Under the direction of John Bradfield of the New South Wales Department of Public Works, the bridge was designed and built by British firm Dorman Long of Middlesbrough (who based the design on their 1928 Tyne Bridge in Newcastle upon Tyne) and opened in 1932. The bridge's general design, which Bradfield tasked the NSW Department of Public Works with producing, was a rough copy of the Hell Gate Bridge in New York City. This general design document, however, did not form any part of the request for tender, which remained sufficiently broad as to allow cantilever (Bradfield's original preference) and even suspension bridge proposals. The design chosen from the tender responses was original work created by Dorman Long, who leveraged some of the design from their own Tyne Bridge which, though superficially similar, does not share the graceful flares at the ends of each arch which make the harbour bridge so distinctive. It is the sixth longest spanning-arch bridge in the world and the tallest steel arch bridge, measuring 134 m (440 ft) from top to water level. It was also the world's widest long-span bridge, at 48.8 m (160 ft) wide, until construction of the new Port Mann Bridge in Vancouver was completed in 2012.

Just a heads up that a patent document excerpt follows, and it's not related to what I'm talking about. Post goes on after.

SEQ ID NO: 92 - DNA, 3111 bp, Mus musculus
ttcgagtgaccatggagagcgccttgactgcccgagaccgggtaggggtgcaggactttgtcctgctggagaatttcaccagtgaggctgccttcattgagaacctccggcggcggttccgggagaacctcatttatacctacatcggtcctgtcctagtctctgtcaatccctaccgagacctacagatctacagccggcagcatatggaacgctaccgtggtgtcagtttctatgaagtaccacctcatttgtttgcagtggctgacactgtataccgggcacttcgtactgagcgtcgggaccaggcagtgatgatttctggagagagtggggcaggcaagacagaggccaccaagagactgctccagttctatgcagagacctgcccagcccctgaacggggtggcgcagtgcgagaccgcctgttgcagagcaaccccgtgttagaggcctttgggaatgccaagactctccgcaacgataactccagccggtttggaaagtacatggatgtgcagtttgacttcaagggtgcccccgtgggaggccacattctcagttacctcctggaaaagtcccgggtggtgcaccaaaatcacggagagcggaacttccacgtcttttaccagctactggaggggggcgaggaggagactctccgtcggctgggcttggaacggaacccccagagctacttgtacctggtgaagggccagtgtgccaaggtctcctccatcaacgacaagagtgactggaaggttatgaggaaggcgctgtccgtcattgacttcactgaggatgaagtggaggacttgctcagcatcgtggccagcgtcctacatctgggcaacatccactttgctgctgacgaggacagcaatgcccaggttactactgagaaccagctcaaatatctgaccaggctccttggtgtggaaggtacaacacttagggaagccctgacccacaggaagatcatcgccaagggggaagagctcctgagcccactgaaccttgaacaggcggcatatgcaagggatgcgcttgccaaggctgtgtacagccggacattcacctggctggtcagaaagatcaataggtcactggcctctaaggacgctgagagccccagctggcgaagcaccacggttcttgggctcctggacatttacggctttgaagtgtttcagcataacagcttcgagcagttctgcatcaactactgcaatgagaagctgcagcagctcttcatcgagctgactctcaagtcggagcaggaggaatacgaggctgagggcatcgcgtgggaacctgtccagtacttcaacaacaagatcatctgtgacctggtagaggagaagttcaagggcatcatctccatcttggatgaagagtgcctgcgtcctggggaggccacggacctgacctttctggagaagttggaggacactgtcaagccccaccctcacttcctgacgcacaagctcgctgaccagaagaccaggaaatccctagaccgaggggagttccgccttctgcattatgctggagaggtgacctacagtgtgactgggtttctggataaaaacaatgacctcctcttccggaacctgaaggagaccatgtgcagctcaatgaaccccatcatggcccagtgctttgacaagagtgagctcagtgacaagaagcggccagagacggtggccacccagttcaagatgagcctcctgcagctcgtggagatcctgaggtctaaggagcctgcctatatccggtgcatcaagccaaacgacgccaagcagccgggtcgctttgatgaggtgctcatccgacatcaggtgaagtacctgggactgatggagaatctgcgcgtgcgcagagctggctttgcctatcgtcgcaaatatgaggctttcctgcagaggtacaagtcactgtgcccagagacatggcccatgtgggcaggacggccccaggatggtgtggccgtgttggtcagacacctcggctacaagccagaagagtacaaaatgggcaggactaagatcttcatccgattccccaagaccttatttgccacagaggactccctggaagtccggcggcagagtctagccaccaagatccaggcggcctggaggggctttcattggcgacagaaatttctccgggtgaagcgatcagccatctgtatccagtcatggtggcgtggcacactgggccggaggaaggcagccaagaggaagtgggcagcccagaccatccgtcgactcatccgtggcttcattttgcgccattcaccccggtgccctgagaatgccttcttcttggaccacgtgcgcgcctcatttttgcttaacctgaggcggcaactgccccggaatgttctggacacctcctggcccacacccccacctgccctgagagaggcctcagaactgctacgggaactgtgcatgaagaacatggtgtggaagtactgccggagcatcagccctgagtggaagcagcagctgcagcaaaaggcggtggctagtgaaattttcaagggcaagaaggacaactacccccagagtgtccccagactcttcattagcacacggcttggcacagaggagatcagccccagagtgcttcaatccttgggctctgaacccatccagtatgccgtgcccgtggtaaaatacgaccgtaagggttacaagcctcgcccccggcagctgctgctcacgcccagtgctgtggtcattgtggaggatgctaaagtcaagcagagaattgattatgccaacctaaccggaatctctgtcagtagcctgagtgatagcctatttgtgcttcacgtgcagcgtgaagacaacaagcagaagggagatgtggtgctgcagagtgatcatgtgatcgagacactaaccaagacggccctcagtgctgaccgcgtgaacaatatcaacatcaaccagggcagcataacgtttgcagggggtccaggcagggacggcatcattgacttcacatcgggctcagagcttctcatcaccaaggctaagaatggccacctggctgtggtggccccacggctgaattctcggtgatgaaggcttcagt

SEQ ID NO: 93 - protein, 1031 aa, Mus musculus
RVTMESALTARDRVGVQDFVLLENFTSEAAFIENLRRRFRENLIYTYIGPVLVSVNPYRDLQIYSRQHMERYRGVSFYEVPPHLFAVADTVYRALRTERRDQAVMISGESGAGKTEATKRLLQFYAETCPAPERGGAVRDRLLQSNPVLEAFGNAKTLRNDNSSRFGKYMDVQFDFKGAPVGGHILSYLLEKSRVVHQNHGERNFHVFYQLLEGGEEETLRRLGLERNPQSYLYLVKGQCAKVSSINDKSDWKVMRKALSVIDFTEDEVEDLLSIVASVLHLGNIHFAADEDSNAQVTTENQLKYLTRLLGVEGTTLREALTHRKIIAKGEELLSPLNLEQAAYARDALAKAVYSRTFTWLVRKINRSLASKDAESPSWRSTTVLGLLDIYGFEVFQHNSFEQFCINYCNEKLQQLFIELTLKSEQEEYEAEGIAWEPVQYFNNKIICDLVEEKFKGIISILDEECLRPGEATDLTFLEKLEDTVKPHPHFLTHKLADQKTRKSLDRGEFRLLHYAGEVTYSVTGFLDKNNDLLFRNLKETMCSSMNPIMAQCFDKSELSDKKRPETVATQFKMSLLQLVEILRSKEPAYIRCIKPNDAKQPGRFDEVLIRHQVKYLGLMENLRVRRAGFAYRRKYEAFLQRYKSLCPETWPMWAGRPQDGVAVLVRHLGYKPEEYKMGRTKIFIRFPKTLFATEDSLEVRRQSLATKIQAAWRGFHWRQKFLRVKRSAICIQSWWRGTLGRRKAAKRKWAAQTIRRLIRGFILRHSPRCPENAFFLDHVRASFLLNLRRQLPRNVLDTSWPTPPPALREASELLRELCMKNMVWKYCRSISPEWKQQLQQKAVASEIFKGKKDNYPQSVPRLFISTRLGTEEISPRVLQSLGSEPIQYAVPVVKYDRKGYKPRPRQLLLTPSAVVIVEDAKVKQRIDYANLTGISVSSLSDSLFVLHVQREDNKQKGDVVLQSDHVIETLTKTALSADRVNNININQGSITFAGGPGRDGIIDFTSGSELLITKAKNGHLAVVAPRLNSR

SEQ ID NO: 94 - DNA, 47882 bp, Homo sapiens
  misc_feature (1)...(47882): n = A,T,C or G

The Sydney Harbour Bridge was added to the Australian National Heritage List on 19 March 2007 and to the New South Wales State Heritage Register on 25 June 1999

Blue Mountains National Park

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The Blue Mountains National Park is a protected national park that is located in the Blue Mountains region of New South Wales, in eastern Australia. The 267,954-hectare (662,130-acre) national park is situated approximately 80 kilometres (50 mi) west of Sydney, and the park boundary is quite irregular as it is broken up by roads, urban areas and inholdings. Despite the name mountains, the area is an uplifted plateau, dissected by a number of larger rivers. The highest point in the park is Mount Werong at 1,215 metres (3,986 ft) above sea level; while the low point is on the Nepean River at 20 metres (66 ft) above sea level as it leaves the park.

The national park is one of the eight protected areas that, in 2000, was inscribed to form part of the UNESCO World Heritage–listed Greater Blue Mountains Area. The Greater Blue Mountains was one of 15 World Heritage places included in the National Heritage List on 21 May 2007. The Blue Mountains National Park is the most central of the eight protected areas within the World Heritage Site and it forms part of the Great Dividing Range. The park is also listed on the Australian Heritage Register and the overall complex of Blue Mountains regional walking tracks is listed on the State Heritage Register